Submitted to: Journal of Food Safety
Publication Type: Peer Reviewed Journal
Publication Acceptance Date: 5/4/2016
Publication Date: 6/7/2016
Citation: Berrang, M.E., Cox Jr, N.A., Cosby, D.E., Frye, J.G., Jackson, C.R. 2016. Detection of Salmonella serotypes by overnight incubation of entire broiler carcass. Journal of Food Safety. doi: 10.1111/jfs.12298.
Interpretive Summary: Salmonella is a human bacterial pathogen that has been associated with poultry and poultry meat. There are several ways to sample a broiler carcass for detection of this organism. In the USA, a common method is a whole carcass rinse followed by incubation of a 30 mL portion of the rinse liquid (aliquot method). A more sensitive method is incubating the entire carcass overnight in 400 mL of rinse liquid (whole carcass enrichment). We compared these two methods with freshly processed broiler carcasses collected directly after all microbial interventions in a commercial slaughter plant. We found that Salmonella was detected much more often using the whole carcass enrichment method (59%) than with the aliquot method (15%). The aliquot method, however, performed better than expected detecting 26% of the positives that the enrichment method did, even though only 7.5% of the rinse was analyzed. Although, for the most part, the same serotypes of Salmonella were detected by both methods, many more of each type were found by whole carcass enrichment. Whole carcass enrichment is a useful research tool for determining the actual prevalence of Salmonella and can be used to determine the relative sensitivity of other methods such as the aliquot method. This information will be useful to researchers as they compare methods and test novel broiler carcass intervention strategies.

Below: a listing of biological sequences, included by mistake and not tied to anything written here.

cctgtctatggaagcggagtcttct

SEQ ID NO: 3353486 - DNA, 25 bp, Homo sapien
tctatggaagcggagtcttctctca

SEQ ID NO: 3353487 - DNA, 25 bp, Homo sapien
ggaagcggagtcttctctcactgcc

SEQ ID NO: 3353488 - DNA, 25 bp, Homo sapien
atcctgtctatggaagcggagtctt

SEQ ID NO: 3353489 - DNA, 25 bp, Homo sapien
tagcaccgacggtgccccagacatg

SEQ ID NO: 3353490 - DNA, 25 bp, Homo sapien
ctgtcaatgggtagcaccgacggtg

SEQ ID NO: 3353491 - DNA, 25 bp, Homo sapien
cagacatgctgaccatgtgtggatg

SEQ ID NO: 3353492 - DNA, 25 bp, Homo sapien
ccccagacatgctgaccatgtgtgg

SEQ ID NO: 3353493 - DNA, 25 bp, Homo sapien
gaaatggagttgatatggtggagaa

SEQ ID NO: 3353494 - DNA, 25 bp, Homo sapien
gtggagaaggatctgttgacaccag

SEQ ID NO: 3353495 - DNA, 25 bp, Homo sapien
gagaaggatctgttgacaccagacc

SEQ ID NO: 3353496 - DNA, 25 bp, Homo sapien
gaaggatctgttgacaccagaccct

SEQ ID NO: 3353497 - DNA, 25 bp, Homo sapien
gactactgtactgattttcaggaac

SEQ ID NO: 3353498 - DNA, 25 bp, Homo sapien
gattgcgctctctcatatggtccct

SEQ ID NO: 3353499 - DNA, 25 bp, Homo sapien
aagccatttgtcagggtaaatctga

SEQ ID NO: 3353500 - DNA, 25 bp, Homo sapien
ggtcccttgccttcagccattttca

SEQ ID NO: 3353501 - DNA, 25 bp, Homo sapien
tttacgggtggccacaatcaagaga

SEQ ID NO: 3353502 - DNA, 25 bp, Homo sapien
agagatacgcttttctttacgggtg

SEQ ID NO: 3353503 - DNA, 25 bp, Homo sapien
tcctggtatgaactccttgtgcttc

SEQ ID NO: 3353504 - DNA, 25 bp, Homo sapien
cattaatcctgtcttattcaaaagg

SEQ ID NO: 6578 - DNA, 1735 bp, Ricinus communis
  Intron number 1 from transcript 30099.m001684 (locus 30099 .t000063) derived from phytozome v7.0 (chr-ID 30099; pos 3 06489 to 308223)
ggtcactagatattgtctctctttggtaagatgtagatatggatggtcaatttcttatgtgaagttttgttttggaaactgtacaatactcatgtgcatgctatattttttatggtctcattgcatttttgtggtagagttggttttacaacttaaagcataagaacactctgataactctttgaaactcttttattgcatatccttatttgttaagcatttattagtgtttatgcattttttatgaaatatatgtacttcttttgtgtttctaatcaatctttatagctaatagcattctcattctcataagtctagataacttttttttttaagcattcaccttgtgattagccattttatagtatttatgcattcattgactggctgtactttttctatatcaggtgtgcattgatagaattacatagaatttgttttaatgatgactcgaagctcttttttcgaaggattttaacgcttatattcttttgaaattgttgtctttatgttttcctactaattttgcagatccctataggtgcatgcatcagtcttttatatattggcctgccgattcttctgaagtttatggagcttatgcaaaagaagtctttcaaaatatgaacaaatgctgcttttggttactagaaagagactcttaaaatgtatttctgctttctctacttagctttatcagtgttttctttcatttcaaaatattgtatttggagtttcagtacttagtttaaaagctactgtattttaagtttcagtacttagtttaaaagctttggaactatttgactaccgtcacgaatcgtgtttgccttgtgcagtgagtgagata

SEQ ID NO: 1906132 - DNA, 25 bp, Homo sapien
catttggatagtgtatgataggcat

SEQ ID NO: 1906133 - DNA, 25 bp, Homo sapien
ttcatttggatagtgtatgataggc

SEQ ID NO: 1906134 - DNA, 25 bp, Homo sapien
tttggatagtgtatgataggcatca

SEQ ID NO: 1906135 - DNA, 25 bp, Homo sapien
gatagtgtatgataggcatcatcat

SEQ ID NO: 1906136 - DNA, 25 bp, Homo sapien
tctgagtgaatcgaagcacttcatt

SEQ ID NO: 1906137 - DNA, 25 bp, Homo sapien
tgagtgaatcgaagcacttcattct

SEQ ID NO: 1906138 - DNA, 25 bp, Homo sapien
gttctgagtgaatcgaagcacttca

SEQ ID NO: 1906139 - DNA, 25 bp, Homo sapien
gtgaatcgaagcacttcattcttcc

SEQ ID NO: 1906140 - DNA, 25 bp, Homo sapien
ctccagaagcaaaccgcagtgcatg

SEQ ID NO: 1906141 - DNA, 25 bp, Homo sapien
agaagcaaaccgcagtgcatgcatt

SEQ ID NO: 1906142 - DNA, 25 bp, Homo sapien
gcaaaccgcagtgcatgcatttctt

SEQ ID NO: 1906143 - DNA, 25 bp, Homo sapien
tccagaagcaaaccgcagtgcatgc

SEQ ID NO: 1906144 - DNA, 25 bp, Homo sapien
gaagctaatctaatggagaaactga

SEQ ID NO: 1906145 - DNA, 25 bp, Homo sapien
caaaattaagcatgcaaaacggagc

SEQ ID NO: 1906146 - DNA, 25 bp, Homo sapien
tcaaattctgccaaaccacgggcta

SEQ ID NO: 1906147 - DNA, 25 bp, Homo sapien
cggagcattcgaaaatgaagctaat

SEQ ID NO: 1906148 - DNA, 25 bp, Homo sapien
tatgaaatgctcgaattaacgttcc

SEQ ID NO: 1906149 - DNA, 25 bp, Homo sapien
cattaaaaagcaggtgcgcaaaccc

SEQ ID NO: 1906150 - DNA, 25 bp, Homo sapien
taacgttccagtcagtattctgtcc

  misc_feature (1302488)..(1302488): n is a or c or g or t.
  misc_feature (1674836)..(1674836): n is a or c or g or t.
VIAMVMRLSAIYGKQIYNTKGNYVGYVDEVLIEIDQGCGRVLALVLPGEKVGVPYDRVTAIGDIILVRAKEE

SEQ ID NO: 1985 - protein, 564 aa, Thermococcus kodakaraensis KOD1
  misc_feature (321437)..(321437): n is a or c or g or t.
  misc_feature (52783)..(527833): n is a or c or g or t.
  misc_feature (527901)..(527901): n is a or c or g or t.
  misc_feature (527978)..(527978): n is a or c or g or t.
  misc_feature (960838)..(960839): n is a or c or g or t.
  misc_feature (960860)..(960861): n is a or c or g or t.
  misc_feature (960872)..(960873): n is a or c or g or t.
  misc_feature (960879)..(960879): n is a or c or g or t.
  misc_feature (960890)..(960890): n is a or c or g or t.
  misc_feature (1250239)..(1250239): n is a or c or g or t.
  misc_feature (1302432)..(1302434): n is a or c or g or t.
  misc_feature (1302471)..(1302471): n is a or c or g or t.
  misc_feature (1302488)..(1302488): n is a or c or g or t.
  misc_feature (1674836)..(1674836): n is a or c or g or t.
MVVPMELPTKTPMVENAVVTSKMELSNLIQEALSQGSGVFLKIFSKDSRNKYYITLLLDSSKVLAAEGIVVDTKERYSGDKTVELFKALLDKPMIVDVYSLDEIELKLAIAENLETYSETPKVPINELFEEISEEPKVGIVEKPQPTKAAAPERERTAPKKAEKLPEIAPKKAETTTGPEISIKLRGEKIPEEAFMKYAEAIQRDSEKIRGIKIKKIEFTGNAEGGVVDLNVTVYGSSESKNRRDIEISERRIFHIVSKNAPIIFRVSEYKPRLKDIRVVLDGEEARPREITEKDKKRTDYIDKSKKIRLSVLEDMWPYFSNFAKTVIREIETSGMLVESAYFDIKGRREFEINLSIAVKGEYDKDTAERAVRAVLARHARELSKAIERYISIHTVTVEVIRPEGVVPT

Technical Abstract: Salmonella is a human bacterial pathogen that has been associated with poultry and poultry products. There are multiple ways to sample broiler chicken carcasses for the prevalence of Salmonella. A common method in the USA is a whole carcass rinse and culture of an aliquot of the rinse. The objective of this study was to compare the sensitivity of the rinse aliquot method to overnight enrichment of the entire carcass in the rinse liquid. Fourteen replicate samplings were done, seven at each of two commercial broiler processing plants. Each replication included eight carcasses. Each carcass was subjected to a whole carcass rinse in buffered peptone from which 30 mL was removed and added to 30 mL fresh buffered peptone (rinse aliquot sample). The aliquot sample and the carcass, in the remaining buffered peptone, were incubated overnight prior to standard selective enrichment and plating for Salmonella detection. Salmonella was detected in 15% of rinse aliquot samples and 59% of whole carcass enrichment samples. Salmonella was found more frequently by whole carcass enrichment, however, when detected by both methods, for the most part, the same serotypes were found on individual carcasses. Whole carcass enrichment was shown to be more sensitive than rinse aliquot method, and likely detects Salmonellae even when tightly bound to the carcass or present in very low numbers. As such, whole carcass enrichment is a useful research tool to determine Salmonella prevalence.